Two Wheels - Six Strings

Random news and thoughts about various two-wheeled projects and music, especially my band, Skull Full Of Blues.

Saturday, March 22, 2008

Ye Olde Junque Yarde

I have a buddy, named Mark, with whom I do the occasional "horse trade", bike-wise. He has been going to a metal salvage yard, north of here, for a couple of years now, buying bikes from the scrap man. I have avoided the deal, for the most part, because the scrap guy is hard to deal with, and wants too big of a commitment in order to give you a decent price.

When the guy is buying bikes, they're scrap metal. When he's selling them, they transmute into fine collectibles, apparently.

Yesterday, I finally went with Mark to check out the "piles of bikes" and see what I could find. Now, when I think of "piles of bikes", I think of a situation like my storage building, where there are a few too many bikes for the space allotted to storing them. At the scrap yard, "piles" means just that: PILES.

My God! I've never seen such a thing as what was awaiting me at the scrapyard.

This is the first pile we dug around in. This pile is probably 30 feet on a side, and Mark's feet are ten feet off of the actual ground, where he is standing. That is a full-sized beer delivery truck in the background, and the top of the pile is higher the roof of the truck trailer.

This is the same pile from a different angle. There are lots of Huffys and Magnas, etc., but there are alot of older road bikes, and quality mountain bikes mixed in. The killer is, you'll see a bike you want to rescue, but it's five feet down in the pile. I left a lot of stuff behind, which I would otherwise have run with. You tend to get picky when you know it's going to take 20 or 30 minutes of hard labor to dig an old Peugeot out.

More of the same pile. There's so much stuff there, I just couldn't get a picture which gave you a decent idea of the scope of the thing.

This is looking down into a pit we had dug to drag out a bike. You can sorta see the ground in one spot.
After exhausting ourselves on this batch, we moved into the warehouse and dug through three piles in there. It was way too dark to take any pictures. I found some keepers, though, then we moved on.

Our next step was one Mark had never taken. We climbed a couple of rickety ladders to access the roof. The old guy who runs the place had said there were some bikes up there. Mark and I were, literally, stunned to speechlessness when we saw what was there. Laid out in neat rows, where we could actually see them, were hundreds of bikes.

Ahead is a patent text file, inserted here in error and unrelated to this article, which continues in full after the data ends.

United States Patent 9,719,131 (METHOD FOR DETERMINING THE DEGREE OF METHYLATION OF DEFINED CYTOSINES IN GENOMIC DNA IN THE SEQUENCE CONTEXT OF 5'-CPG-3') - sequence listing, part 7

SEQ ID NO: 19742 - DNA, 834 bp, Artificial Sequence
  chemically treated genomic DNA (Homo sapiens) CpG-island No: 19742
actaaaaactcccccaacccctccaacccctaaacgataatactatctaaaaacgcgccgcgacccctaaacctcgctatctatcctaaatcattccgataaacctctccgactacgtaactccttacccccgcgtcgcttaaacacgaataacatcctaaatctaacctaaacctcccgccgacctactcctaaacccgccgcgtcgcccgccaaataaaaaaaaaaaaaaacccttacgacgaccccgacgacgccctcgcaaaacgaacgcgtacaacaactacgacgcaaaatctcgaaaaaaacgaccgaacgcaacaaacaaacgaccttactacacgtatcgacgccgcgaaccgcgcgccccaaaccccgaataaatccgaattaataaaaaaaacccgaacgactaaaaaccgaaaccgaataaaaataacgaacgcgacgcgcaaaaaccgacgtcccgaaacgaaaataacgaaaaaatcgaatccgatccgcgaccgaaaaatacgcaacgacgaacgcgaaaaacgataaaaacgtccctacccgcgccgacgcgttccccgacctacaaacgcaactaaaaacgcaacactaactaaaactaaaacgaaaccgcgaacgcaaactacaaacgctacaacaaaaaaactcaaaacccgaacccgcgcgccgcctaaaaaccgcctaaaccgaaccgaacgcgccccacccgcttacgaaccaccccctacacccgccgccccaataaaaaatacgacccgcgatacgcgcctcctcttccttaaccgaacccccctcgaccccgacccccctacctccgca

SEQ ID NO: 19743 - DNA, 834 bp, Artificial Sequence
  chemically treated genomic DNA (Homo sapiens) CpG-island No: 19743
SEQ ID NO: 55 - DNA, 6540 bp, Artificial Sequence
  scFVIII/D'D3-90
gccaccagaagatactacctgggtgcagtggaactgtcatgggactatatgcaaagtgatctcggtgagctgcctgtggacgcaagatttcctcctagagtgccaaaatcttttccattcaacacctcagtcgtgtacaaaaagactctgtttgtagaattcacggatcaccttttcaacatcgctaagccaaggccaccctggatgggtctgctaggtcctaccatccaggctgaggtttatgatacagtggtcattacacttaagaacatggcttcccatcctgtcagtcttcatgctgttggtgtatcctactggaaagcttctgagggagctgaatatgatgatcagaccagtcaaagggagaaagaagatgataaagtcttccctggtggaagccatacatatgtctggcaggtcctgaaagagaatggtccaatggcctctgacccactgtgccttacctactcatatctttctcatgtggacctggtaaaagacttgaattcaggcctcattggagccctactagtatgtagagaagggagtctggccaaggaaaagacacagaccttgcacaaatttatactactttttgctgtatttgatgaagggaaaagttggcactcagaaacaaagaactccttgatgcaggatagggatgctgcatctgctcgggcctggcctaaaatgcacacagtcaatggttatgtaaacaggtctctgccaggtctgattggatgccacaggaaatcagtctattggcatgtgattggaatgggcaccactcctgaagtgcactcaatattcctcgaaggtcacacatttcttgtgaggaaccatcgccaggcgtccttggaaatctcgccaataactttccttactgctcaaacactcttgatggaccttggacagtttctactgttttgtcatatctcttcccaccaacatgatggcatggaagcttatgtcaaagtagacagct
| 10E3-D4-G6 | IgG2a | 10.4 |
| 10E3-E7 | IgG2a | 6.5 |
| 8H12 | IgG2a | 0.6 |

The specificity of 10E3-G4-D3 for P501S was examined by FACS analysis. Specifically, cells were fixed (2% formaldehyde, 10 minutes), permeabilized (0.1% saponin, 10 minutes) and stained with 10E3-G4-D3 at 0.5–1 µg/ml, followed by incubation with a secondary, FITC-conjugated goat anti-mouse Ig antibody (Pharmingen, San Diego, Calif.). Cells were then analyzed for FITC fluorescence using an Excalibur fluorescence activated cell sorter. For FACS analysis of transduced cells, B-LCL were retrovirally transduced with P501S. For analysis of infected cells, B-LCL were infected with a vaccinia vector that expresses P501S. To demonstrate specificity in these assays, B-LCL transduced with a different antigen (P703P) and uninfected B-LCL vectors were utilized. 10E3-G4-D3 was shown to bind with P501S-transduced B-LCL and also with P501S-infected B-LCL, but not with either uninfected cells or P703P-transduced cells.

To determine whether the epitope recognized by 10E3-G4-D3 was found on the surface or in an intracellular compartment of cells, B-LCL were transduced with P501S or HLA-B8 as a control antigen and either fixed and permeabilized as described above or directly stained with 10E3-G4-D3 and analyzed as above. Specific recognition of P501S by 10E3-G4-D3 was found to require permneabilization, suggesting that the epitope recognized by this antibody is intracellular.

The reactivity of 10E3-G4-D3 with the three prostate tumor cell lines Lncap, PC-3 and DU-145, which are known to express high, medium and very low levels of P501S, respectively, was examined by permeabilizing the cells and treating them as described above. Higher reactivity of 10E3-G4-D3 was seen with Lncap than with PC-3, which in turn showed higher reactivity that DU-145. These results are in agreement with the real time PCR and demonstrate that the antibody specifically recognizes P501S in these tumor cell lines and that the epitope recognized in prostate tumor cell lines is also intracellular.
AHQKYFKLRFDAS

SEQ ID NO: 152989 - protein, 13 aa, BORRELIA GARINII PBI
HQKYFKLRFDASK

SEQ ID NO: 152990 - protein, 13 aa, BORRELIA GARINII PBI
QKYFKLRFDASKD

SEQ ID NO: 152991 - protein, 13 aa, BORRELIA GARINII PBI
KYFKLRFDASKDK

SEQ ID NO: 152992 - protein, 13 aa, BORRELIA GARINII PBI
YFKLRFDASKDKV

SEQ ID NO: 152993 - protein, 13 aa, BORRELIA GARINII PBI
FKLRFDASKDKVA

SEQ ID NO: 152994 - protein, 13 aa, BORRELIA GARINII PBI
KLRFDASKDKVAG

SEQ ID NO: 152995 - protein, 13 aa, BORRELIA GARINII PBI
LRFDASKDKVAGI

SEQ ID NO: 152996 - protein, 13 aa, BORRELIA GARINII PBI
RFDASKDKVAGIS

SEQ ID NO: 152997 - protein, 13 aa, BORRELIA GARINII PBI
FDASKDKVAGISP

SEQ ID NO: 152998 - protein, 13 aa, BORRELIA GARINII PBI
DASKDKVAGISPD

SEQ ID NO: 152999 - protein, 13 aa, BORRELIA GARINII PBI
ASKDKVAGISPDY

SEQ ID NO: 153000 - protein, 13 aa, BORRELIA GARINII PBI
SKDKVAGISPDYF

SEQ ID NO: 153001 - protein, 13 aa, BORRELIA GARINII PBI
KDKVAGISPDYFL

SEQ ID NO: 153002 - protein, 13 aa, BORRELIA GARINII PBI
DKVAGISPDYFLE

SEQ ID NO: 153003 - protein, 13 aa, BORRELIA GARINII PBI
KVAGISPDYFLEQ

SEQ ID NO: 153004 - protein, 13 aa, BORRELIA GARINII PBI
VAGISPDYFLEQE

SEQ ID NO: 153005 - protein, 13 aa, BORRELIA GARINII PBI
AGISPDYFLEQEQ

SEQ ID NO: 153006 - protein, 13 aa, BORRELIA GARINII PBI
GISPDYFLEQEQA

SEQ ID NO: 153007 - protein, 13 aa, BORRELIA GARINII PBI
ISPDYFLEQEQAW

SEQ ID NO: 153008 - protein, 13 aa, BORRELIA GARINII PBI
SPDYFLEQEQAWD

It's hard to tell, but there are 6 or 7 rows of probably 100 bikes each. Again, there was a preponderance of Huffys, etc., but there were some prizes, as well.

I took this series of photos to just show the scale of the operation. The airplane cockpit/fuselage had USAF markings. I might try to figure out what sort of plane it was, later.

Just past the red trailer is the beer truck beside the first pile of bikes we were on. There are two more piles visible in this pic. If Blogger chooses to enlarge the picture, you'll be able to see them more clearly. (I don't know why, but sometimes pictures will enlarge, sometimes they won't.)

Here, I'm lowering the bikes to Mark, who is at the top of the lower ladder. From there, I handed them down to him while he was on the ground.

This is how we got the bikes to Mark's place. In this picture, we had already unloaded Granny's rocking chair. Seriously, I don't know why we didn't take my truck. Just didn't, basically. We were only planning on getting 7 or 8 bikes, but having two people to dig through made it easier to find usable bikes.

These are the ones I brought home. Tomorrow, I'll post pictures and details on them. This post is already picture-heavy and possibly too long to be interesting.


At 10:58 AM , Blogger frankenbiker said...

It looks like you may have found bike builders nirvana,maybe it's only a pile of scrap to some but people in the know see the treasure buried in the bottom of the heap.It kind of makes the local co-op(which also has large piles of bikes with hidden treasures,albeit SLIGHTLY more organized and inside), pale by comparison.I am looking forward to seeing what you picked up tommorow.

At 11:25 AM , Blogger katina said...

That is a butt-load of bikes. I made shawn come in from the other room to look at the pictures.

At 11:34 AM , Blogger Shawn said...

So that is where bikes go to die! It almost brings a tear to my eye.

At 8:41 PM , Anonymous red light green light said...

This is, most likely, the coolest thing that I have ever seen in my life!

At 7:14 AM , Blogger getinlost said...

Where, pray tell. Is that mecca?

At 8:07 AM , Blogger Jon said...

It's not too far north of the old Children's Hospital. I couldn't really tell you how to get there, because I rode in the car with Mark, and I didn't really pay a lot of attention to the streets.

At 2:36 PM , Blogger getinlost said...

I found it. York and East 43rd.

I posted a satellite photo on my page.

At 6:49 PM , Blogger Will Handsfield said...

Great post, I am tempted to ask where that is, but part of me knows I don't need any more bike frames, at least until I weld the Performance and Free Spirit frames in my backyard into a tall bike.


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